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Flight attendants to protest at O’Hare over United staffing cuts

A United Airlines jet taxis to a gate at O'Hare International Airport in June 2017. | (AP Photo/Kiichiro Sato)

A United Airlines jet taxis to a gate at O'Hare International Airport in June 2017. | (AP Photo/Kiichiro Sato)

Unionized flight attendants will picket Thursday morning at O’Hare Airport to protest looming staffing cuts by United Airlines.

The demonstration is one of 16 across the globe planned by the Association of Flight Attendants-CWA, which accuses the Chicago-based airline of “succumbing to Wall Street pressure” in deciding to eliminate a flight attendant position on most international flights.

“Instead of leading U.S. carriers and distinguishing United Airlines with superior safety and enhanced customer service, the airline is lowering its standards to follow American and Delta,” union president Ken Diaz said in a statement. “When United is making record profits, it should not be cutting back on the people who are on the front lines of safeguarding and serving passengers.”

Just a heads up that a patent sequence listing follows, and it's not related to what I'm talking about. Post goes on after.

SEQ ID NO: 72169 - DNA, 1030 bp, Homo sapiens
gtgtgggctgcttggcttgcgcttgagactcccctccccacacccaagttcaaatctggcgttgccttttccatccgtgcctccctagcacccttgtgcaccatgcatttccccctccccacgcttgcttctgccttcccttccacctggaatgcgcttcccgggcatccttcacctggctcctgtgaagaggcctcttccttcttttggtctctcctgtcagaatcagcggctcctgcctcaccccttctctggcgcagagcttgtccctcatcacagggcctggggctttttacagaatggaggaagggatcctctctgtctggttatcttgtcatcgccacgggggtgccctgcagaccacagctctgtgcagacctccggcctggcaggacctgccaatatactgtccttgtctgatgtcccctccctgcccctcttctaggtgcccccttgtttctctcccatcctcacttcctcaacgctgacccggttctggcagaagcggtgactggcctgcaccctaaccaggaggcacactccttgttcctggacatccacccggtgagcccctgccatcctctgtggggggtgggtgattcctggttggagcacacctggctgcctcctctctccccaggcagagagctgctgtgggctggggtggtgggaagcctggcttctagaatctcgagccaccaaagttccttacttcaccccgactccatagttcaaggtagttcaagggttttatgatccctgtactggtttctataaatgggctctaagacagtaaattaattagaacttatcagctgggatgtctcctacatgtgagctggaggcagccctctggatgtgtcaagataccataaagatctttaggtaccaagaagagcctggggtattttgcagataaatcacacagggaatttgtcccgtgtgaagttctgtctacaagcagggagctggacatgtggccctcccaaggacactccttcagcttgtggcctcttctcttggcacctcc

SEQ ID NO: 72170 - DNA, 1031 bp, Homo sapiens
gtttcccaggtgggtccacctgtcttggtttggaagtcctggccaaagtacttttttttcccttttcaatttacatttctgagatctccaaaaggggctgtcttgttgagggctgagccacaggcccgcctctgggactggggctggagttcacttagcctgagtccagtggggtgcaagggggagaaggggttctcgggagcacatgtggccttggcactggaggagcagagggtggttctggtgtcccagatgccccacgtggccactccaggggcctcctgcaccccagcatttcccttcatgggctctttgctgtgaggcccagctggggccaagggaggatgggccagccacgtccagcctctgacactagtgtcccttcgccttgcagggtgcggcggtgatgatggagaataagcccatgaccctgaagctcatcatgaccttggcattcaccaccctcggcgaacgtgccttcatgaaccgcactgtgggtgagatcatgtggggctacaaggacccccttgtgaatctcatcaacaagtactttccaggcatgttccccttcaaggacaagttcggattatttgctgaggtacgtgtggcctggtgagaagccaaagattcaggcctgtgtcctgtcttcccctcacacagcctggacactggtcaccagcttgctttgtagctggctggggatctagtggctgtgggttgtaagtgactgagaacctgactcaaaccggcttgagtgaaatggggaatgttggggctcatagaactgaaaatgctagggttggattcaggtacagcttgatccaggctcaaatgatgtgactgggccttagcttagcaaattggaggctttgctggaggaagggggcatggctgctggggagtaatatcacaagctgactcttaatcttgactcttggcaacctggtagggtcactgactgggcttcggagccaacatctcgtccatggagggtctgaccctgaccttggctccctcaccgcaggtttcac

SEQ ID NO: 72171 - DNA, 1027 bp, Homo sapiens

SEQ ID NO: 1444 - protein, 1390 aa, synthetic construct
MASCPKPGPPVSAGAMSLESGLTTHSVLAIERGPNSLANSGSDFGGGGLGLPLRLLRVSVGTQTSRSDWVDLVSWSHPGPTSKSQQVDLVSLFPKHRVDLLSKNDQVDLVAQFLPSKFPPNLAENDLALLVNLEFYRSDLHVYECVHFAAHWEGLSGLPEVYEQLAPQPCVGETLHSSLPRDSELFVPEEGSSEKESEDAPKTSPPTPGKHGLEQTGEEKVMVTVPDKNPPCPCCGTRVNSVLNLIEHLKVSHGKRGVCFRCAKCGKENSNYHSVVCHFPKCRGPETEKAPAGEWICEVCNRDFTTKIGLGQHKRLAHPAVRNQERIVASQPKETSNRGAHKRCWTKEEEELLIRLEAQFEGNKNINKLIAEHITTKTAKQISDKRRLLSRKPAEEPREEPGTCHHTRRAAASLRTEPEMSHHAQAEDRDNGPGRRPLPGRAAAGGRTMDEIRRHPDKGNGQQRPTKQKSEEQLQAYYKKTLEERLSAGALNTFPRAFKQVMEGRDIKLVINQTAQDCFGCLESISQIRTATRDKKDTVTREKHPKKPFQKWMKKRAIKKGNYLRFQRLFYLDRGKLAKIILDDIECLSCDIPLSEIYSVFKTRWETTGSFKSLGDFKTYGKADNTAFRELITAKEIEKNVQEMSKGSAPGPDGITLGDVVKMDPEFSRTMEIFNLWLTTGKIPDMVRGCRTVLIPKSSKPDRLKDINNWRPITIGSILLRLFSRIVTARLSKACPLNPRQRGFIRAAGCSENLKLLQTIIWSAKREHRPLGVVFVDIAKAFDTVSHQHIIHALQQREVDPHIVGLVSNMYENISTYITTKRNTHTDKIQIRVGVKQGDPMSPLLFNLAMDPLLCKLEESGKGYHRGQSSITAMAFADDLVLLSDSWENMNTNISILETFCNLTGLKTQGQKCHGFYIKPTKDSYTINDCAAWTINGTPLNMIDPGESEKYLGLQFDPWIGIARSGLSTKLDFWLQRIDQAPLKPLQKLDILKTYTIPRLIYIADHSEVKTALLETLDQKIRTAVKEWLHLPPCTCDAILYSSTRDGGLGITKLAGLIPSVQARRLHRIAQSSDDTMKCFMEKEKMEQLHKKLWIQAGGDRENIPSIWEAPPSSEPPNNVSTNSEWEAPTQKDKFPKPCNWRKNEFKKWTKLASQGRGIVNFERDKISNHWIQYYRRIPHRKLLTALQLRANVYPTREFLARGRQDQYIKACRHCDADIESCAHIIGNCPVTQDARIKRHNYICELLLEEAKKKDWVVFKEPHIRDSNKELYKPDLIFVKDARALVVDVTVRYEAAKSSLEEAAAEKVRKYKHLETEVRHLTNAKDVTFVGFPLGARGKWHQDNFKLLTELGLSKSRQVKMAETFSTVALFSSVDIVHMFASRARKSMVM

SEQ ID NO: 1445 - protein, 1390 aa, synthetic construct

About 2,000 United flight attendants are based in Chicago, and the union is expecting “a really large showing” at Thursday’s protest, Diaz said. Pilots and ground agents will join the 10 a.m. demonstration outside O’Hare’s upper level departures area between terminals 1 and 2.

Megan McCarthy, United’s managing director of global communications, said the airline doesn’t expect the protests to impact customers.

“We will continue to work closely with the AFA on issues that are important to our flight attendants,” McCarthy said in an email.

Last month, the union released an internal memo from United executive John Slater detailing the airline’s plan to prepare business-class meals on the ground, “eliminating the need” for one flight attendant position on most long-distance international flights.

“Catering on the ground is not a substitute for first responders in the sky,” Diaz said.

The union says they’re also pushing United management to fix computer glitches and eliminate “inhumane” schedules.

United flight attendants will also be picketing and handing out leaflets at 15 other major airports in cities including Los Angeles, Washington D.C., London and Tokyo.